Whenever I think of my maternal grandmother, Amna Rahman, there is one image which is particularly vivid â I was huddled in the living room of our ancestral home in Shahjahanpur with the rest of the clan and she had switched on the radio. The news announced the death of Jawaharlal Nehru. As soon she heard it, she sat back and began sobbing. âPanditji gone. What will happen to us? Who will be there for us? Whoâll protect us? Tabahi [destruction] for usâŚ doom for the Musalmaans of Hindustan!â
I was a young girl and couldnât really understand the connection between Nehruâs death and her words. After all, she was living in one of those nondescript townships of Uttar Pradesh far away from New Delhi and the world of politics. In fact, there were no political creatures in our clan.
Of course, as the years rolled by, I could more than sense the wisdom of her words and the agony she was feeling. For her, like many of her generation, âPanditjiâ â as Nehru was popularly called â always stood for secular values and the rights and dignity of the minorities of this land. He was looked upon as a saviour of sorts.
After his death, the basic fabric got punctured; slowly and steadily. The Muslims of the country started getting sidelined if not blatantly bypassed in the backdrop of an ongoing poisonous propaganda against them. Today, as I nostalgically recall those carefree childhood days, there seemed little danger of being labelled âthe otherâ.
Muslims of this land lived on par with those from the majority community and one couldnât have visualised a day when Muslims would be reduced to second class citizens. Yes, rioting did take place even during Nehruâs prime ministership but one was confident that justice would prevail; unlike today when even when a cracker bursts, a bunch of hapless Muslims are thrown into prison hellholes with those horrifying terror tags /labels pinned on them.
In fact, during my travels to Ahmedabad, Hyderabad, Jaipur, Ajmer, Mumbai, Aligarh, Lucknow and adjoining areas of Uttar Pradesh, activists have recounted instances of Muslim youths being held only on grounds of suspicion. If there is a crime committed, the first to be rounded up are Muslims; more so now as a new ploy in the shape of the Islamic State is being used by a biased machinery.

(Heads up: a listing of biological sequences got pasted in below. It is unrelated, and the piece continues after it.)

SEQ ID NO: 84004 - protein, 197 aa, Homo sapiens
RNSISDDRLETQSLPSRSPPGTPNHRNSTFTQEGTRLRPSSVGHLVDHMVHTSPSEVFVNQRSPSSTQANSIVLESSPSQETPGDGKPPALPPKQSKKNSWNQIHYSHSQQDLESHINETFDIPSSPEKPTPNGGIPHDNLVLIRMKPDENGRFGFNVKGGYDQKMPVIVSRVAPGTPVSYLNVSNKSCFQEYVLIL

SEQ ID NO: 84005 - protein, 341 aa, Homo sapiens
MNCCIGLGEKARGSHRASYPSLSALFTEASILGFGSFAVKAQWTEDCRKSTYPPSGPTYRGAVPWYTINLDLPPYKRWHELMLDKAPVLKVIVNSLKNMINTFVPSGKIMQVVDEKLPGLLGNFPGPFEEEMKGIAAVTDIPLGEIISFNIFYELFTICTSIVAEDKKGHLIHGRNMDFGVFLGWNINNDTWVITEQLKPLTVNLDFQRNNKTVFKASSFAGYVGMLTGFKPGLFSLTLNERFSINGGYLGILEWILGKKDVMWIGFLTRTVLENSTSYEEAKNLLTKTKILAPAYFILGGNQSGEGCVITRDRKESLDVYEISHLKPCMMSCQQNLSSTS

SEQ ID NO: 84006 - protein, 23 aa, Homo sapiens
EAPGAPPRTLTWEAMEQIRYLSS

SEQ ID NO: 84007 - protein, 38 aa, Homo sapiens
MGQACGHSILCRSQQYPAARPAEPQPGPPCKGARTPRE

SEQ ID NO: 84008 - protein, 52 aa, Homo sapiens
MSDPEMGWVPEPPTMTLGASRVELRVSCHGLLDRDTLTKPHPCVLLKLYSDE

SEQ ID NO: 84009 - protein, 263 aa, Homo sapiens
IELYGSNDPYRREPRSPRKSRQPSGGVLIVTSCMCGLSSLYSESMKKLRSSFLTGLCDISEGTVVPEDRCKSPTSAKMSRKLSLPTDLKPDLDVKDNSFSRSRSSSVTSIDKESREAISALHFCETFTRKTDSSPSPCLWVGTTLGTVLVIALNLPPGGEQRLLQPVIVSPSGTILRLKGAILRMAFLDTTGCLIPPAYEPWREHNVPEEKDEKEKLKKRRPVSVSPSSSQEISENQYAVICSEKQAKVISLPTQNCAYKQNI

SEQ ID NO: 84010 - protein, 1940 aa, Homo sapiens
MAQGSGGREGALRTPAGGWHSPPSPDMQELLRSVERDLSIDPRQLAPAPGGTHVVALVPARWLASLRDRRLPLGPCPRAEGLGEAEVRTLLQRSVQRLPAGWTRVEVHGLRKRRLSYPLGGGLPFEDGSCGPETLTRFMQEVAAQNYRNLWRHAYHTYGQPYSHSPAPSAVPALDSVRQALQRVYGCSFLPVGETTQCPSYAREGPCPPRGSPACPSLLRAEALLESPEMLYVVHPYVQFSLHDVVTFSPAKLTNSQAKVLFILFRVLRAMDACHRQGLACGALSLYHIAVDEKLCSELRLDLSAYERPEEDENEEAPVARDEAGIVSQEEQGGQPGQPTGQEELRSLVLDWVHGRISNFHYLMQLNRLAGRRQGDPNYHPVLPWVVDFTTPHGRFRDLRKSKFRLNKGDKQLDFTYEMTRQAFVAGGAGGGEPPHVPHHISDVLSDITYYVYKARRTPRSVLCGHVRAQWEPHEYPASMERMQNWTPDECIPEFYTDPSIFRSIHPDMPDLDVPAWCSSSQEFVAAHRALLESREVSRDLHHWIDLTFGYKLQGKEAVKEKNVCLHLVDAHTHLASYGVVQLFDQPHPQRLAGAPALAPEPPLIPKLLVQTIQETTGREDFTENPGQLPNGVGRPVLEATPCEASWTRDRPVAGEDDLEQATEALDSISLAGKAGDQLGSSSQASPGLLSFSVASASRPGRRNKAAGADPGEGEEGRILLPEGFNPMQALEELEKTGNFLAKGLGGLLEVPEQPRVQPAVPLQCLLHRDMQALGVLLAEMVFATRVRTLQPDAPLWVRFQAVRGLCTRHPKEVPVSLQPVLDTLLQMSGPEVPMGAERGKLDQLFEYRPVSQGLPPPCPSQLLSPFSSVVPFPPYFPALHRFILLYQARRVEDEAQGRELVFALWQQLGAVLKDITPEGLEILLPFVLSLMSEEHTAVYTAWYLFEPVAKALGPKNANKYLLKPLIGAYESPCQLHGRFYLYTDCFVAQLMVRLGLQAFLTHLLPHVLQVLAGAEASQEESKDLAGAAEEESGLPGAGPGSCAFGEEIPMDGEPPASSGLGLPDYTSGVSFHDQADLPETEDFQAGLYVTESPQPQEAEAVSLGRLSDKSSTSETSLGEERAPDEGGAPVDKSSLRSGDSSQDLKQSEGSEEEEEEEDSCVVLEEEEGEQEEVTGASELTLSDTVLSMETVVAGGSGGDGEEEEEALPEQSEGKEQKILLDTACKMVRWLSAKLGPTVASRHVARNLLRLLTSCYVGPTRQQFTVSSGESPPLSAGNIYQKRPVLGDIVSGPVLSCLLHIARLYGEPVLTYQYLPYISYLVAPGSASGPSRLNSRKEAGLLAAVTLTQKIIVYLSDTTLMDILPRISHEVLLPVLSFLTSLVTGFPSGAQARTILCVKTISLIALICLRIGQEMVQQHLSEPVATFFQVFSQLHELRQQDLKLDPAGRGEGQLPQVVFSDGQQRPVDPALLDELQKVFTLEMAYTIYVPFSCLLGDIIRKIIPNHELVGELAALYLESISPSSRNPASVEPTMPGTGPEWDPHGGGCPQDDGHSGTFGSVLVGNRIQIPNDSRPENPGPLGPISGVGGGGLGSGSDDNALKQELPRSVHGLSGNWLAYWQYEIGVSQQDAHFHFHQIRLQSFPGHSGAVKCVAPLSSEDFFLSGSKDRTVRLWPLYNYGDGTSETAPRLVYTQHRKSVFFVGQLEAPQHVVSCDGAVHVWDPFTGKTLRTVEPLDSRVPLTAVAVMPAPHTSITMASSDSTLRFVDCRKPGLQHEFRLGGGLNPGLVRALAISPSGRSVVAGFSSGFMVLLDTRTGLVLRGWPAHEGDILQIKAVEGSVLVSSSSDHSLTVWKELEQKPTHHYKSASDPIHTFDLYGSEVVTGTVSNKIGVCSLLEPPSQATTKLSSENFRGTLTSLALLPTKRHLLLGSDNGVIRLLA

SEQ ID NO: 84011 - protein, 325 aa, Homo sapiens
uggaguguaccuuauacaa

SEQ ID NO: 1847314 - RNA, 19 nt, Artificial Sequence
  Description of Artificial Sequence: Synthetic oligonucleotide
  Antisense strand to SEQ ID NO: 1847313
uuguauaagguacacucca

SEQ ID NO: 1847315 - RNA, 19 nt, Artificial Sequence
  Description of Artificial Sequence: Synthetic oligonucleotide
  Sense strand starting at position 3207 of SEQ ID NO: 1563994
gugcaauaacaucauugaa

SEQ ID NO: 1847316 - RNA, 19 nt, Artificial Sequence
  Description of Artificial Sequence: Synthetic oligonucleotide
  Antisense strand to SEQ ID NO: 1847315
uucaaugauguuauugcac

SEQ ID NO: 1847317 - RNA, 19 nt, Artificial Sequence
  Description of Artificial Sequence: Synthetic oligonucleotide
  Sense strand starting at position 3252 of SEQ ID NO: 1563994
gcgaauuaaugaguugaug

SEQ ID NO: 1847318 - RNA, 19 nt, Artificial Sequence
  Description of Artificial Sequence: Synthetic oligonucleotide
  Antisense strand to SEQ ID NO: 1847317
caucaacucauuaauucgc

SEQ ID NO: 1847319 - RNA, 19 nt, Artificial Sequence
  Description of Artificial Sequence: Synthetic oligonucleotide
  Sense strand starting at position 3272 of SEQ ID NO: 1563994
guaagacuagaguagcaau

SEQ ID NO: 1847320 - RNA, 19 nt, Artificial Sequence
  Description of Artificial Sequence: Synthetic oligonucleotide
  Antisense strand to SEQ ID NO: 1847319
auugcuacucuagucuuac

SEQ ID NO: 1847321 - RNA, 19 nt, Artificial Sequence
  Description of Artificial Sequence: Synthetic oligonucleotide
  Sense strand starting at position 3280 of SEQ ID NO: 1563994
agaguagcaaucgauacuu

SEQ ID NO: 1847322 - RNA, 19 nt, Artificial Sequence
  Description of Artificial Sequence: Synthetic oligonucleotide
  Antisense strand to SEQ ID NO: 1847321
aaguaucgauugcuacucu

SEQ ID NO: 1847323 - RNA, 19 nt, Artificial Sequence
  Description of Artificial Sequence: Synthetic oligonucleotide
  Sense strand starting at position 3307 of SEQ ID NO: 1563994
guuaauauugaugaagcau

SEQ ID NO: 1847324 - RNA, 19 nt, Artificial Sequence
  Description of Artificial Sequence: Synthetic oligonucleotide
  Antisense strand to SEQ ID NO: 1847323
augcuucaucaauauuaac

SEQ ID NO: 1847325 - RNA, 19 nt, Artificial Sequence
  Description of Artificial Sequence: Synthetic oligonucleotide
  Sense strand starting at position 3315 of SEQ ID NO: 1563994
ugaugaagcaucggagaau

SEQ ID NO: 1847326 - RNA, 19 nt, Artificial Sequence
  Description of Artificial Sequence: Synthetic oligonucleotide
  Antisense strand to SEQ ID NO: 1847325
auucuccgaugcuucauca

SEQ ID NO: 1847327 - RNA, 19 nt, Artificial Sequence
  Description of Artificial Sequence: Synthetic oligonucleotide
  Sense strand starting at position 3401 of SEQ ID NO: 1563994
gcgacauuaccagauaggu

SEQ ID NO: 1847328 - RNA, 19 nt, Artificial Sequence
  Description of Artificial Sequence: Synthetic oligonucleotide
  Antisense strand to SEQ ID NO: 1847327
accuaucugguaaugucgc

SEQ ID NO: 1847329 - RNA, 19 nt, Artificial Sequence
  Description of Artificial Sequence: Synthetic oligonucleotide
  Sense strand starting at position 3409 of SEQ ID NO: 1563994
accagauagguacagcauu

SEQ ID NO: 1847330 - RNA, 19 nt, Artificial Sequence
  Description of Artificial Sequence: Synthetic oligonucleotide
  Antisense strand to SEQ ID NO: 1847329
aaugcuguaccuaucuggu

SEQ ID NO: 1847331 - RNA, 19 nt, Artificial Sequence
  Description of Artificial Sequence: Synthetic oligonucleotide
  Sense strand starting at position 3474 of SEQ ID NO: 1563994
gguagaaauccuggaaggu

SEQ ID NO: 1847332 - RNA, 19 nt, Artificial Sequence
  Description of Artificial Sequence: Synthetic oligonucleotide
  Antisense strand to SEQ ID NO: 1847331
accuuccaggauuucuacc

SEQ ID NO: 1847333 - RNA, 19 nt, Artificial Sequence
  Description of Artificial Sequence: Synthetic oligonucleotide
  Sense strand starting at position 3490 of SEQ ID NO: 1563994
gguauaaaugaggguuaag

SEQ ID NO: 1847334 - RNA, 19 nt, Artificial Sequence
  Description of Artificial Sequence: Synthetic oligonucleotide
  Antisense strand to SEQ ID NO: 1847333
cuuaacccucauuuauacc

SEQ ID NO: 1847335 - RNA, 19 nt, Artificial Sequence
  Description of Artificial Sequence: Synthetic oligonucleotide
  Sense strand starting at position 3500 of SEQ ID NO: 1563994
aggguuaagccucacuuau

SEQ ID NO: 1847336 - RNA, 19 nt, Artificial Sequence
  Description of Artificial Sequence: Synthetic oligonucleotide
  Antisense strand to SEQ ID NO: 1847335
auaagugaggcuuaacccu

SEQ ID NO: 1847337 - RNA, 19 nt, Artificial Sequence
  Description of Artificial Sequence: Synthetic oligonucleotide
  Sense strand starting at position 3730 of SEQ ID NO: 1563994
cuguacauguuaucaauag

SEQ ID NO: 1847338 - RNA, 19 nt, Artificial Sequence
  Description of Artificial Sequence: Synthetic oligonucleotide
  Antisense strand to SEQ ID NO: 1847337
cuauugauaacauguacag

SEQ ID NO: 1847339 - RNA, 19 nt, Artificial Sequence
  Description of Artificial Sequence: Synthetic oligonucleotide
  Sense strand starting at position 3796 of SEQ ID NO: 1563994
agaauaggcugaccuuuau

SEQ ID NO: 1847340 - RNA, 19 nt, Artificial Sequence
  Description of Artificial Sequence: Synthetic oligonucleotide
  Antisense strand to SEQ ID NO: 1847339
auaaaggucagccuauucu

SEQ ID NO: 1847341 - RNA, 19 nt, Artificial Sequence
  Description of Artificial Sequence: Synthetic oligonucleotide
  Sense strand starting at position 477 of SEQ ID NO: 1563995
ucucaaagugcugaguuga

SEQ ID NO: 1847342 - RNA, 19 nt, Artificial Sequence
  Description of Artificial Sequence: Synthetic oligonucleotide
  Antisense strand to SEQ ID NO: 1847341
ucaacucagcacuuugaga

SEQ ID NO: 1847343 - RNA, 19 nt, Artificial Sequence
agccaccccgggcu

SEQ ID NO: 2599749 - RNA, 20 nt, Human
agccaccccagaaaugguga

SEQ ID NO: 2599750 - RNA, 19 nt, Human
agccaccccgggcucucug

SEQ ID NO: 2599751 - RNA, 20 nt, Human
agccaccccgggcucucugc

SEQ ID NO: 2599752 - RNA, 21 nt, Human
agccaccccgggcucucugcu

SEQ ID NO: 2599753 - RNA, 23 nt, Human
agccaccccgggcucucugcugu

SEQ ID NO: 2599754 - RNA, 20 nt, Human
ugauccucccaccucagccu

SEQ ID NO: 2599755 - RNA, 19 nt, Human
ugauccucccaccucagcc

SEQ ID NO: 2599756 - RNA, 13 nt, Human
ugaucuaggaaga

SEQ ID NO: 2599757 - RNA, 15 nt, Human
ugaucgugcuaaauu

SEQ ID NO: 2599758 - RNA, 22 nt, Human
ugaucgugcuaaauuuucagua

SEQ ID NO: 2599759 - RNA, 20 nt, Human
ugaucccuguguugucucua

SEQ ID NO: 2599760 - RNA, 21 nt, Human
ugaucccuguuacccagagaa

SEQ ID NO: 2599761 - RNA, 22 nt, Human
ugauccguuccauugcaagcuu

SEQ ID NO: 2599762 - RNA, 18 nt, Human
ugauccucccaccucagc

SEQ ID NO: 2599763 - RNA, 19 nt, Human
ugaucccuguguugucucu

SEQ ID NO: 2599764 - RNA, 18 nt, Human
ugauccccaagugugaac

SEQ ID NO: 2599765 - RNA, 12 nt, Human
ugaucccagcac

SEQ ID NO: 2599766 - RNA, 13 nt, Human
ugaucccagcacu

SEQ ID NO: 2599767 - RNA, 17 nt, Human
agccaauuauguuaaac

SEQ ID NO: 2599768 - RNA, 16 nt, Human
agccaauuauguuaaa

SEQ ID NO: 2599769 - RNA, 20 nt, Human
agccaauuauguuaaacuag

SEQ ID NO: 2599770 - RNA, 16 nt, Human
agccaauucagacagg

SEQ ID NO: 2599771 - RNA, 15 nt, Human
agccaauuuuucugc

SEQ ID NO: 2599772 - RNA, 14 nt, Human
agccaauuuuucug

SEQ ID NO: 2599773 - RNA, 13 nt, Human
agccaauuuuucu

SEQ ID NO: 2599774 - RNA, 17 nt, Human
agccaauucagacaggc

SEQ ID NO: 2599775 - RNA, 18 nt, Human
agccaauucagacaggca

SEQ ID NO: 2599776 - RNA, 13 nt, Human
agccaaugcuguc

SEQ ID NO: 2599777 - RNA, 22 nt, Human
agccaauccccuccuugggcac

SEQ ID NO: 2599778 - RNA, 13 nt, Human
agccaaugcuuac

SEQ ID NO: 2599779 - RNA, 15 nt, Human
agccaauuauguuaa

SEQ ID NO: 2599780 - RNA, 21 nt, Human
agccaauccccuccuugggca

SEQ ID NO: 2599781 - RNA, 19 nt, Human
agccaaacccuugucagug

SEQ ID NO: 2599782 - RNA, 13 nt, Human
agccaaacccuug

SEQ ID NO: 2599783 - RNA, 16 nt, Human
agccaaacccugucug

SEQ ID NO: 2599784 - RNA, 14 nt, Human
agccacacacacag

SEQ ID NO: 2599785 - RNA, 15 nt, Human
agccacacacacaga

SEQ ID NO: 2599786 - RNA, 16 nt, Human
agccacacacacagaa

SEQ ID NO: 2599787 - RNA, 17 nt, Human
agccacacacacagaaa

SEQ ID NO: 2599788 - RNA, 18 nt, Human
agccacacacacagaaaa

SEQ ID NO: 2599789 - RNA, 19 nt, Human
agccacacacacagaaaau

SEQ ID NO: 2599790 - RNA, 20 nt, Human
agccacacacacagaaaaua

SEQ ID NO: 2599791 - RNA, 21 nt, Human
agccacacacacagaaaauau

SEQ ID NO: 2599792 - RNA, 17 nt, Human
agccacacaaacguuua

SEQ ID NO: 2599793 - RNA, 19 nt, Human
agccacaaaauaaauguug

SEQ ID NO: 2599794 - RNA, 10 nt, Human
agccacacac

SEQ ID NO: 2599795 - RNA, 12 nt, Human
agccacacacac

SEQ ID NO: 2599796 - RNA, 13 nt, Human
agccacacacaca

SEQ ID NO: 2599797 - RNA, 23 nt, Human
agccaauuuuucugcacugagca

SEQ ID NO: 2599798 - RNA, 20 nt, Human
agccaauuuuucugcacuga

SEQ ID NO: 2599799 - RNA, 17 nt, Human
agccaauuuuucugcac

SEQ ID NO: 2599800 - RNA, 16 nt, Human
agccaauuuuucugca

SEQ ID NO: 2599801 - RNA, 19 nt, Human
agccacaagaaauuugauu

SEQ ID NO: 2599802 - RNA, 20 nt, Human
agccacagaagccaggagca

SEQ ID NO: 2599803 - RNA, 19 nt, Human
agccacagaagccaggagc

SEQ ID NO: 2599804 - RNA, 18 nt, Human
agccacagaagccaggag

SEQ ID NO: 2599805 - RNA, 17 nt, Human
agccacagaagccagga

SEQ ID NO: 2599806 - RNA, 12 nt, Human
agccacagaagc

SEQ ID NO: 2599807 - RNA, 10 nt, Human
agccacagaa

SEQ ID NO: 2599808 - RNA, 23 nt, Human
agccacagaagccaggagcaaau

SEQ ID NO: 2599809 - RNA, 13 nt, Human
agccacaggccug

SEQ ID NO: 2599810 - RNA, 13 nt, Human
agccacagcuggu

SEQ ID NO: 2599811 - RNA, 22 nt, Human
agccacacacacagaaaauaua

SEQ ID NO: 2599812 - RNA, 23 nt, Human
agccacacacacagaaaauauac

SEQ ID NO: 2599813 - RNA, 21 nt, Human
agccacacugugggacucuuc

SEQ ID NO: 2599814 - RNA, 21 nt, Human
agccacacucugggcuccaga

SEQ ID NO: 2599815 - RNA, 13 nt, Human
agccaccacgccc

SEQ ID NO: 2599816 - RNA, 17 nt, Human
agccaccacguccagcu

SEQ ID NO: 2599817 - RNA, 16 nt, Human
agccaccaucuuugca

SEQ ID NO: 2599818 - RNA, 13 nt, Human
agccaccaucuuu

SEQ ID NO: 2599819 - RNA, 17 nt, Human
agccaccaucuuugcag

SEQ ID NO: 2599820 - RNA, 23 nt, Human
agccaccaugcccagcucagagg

I am often asked the difference between a poor Muslim and a poor Hindu. I tell them that both are hapless, disadvantaged, hungry and jobless and the only difference is that the very feeling of security is missing from Muslims today. Needless to add, with the RSS/BJP ruling at the Centre, this insecurity is escalating.
âNehru was a giant leader of freedom struggle, a prominent maker of modern India, a great believer of pluralism, the chief architect of Indian democracy, socialism and secular ethos. The war he started against caste discrimination still continues in India. His unfulfilled commitment at the UN for a referendum on Kashmir still haunts the Pakistan-India relationship. His quest for peace in the region is marred by jingoism and orthodoxyâ
Lal Chand Mahi | Member of National Assembly of Pakistan
I have always argued that in a democracy (that is, in a healthy democracy) it doesnât matter if you have a Hindu or Muslim or Sikh or Christian as head of the government. All that matters is a non-communal governmental machinery, so that justice and transparency prevails.
During Nehruâs prime ministership, this basic feeling of security was high because he himself was secular. If Nehru was around, it would have been impossible for Babri Masjid to be demolished, for Gujarat pogrom to have taken place, or for the RSS pracharaks and mahapracharaks to be ruling this land.
He would not have entertained any of the window dressing gimmicks in the name of minority representation. Yes, gimmicks, where two or three are handpicked from the minority community and placed up there! Who is the government of the day trying to hoodwink with these silly ploys?